Don’t follow the W3c Standards blindly

It’s a common process for most of the UI Developer to create an HTML page and validates it with w3c validator, if it is passed then it’s done they are creating the standards compliant web page. It’s good to adhere with the standards defined by a community whose mission is to lead the web to its full potential. But it’s better to be practical and realistic take your design to next level.

What is w3c and how it defines the standards.

The World Wide Web Consortium (W3C) is a community which develops the web standards. Its mission is to lead the web to its full potential. Its role is primarily as standards body not an innovation body. Its job is to standardize the patterns of existing technologies. In general, if we talk about a standards body which define the standards then the implementation comes, but in the case of W3C it’s opposite. Implementation comes before a standard is defined. That’s why we can use CSS3 properties though it is not standardize.

Know your audience and be realistic

Does your audience (users) know what w3c is? Whether the web page they are browsing is standard compliant or not?  Probably not, then why should we afraid of using the new technologies perhaps just to make a web page and CSS w3c validated? may be yes, but validation is a tool, not a religion.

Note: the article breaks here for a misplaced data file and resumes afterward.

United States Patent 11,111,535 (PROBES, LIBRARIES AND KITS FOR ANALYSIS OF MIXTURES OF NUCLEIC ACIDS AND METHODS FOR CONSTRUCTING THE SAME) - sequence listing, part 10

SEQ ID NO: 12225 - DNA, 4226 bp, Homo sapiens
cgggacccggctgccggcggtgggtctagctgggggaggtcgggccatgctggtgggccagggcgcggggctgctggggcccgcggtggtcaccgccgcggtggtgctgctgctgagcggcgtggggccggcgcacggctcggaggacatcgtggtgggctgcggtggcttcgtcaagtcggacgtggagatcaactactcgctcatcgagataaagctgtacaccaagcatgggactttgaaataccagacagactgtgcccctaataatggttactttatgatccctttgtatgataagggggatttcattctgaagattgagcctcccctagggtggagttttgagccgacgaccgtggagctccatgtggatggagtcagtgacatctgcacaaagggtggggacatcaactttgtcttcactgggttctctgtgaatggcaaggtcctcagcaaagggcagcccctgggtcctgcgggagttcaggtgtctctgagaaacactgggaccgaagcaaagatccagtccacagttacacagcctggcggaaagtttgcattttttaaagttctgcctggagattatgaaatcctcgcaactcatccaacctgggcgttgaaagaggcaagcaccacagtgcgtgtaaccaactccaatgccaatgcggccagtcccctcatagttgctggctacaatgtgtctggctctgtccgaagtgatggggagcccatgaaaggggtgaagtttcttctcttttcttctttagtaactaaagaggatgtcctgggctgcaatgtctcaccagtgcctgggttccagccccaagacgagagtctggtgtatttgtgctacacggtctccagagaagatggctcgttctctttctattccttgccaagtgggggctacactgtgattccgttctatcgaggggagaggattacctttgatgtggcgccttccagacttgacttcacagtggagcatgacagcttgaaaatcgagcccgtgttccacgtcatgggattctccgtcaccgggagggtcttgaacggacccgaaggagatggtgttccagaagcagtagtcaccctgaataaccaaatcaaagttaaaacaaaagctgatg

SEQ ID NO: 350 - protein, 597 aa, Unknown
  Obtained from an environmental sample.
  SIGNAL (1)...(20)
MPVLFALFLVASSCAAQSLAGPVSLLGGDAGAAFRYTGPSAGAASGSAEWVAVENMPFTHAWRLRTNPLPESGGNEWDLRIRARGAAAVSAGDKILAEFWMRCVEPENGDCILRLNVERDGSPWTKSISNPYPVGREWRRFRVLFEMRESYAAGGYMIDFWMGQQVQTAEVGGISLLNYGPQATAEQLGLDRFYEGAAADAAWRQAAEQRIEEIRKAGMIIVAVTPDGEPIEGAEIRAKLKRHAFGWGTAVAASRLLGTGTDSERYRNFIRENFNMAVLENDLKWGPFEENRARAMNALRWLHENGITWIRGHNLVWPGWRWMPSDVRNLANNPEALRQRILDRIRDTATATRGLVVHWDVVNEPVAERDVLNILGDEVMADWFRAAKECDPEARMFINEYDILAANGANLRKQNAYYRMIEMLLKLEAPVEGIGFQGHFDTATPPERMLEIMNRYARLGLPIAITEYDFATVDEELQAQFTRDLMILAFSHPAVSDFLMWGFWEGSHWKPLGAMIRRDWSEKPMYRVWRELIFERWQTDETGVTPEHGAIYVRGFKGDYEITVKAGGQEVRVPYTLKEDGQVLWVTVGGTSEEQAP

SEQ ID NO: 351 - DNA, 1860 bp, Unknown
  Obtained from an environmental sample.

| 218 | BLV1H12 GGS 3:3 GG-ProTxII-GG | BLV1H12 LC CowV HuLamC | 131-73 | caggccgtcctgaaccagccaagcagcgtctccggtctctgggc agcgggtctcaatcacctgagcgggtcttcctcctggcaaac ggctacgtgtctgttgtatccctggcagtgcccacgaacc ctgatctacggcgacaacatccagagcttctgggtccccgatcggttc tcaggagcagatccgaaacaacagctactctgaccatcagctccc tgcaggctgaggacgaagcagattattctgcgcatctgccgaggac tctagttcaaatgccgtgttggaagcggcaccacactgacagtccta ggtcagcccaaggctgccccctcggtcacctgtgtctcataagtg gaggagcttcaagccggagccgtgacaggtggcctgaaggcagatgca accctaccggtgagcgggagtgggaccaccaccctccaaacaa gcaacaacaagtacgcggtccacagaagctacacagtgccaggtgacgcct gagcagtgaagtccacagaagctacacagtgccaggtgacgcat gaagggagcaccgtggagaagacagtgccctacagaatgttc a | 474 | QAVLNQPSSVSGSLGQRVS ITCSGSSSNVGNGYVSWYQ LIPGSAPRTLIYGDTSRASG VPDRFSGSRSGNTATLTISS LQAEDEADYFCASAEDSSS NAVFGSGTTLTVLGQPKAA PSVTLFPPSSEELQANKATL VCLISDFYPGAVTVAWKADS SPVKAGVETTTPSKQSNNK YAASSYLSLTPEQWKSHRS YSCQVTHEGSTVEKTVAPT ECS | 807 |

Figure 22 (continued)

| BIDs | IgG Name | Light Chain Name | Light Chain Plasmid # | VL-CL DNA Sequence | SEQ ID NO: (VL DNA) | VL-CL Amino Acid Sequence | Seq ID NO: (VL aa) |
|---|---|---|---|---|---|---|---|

Use the latest technology but don’t ignore the old browsers

Main hurdle to use new technology is the old browsers like IE6 outdated but still widely used; most of the sites get hits from IE but not all, as most of tech sites get fewer hits in IE then general sites. So, its good to know your audience and work accordingly but do not ignore any older browser like IE6 as IE6 is still used by more than 40% users. Though even Google has removed its support for IE6 but still the content is readable. So, the better approach is to don’t try to make a site look the same in every browser if a user has less capable browser they won’t see a shadow, they won’t see rounded curve. Does it make any difference? No… A designer focus should be on designing experiences from the best browsers down, instead of on hacks and workarounds to make its website look the same in every browser.

Conclusion

Follow the standards but think as the user and take your design to next level, web browsers have difference capability so, website can’t look same in all the browsers. There are thousands of browsers and no two have identical implementation. Web sites need not to look same in all the browsers. Browser’s capabilities are a browser maker’s business, not a web designer’s.

Author: Gopal Juneja

A UI/UX enthusiast living in India Delhi having 12+ years of industry experience to use in beautiful design and handsome HTML coding.

3 thoughts on “Don’t follow the W3c Standards blindly”

  1. I agree to what is mentioned here.. It’s a unique situation to achieve all these without using hacks and work around which is also not W3C compliant.
    So best approach is to use these in combination to achieve best compatible results..

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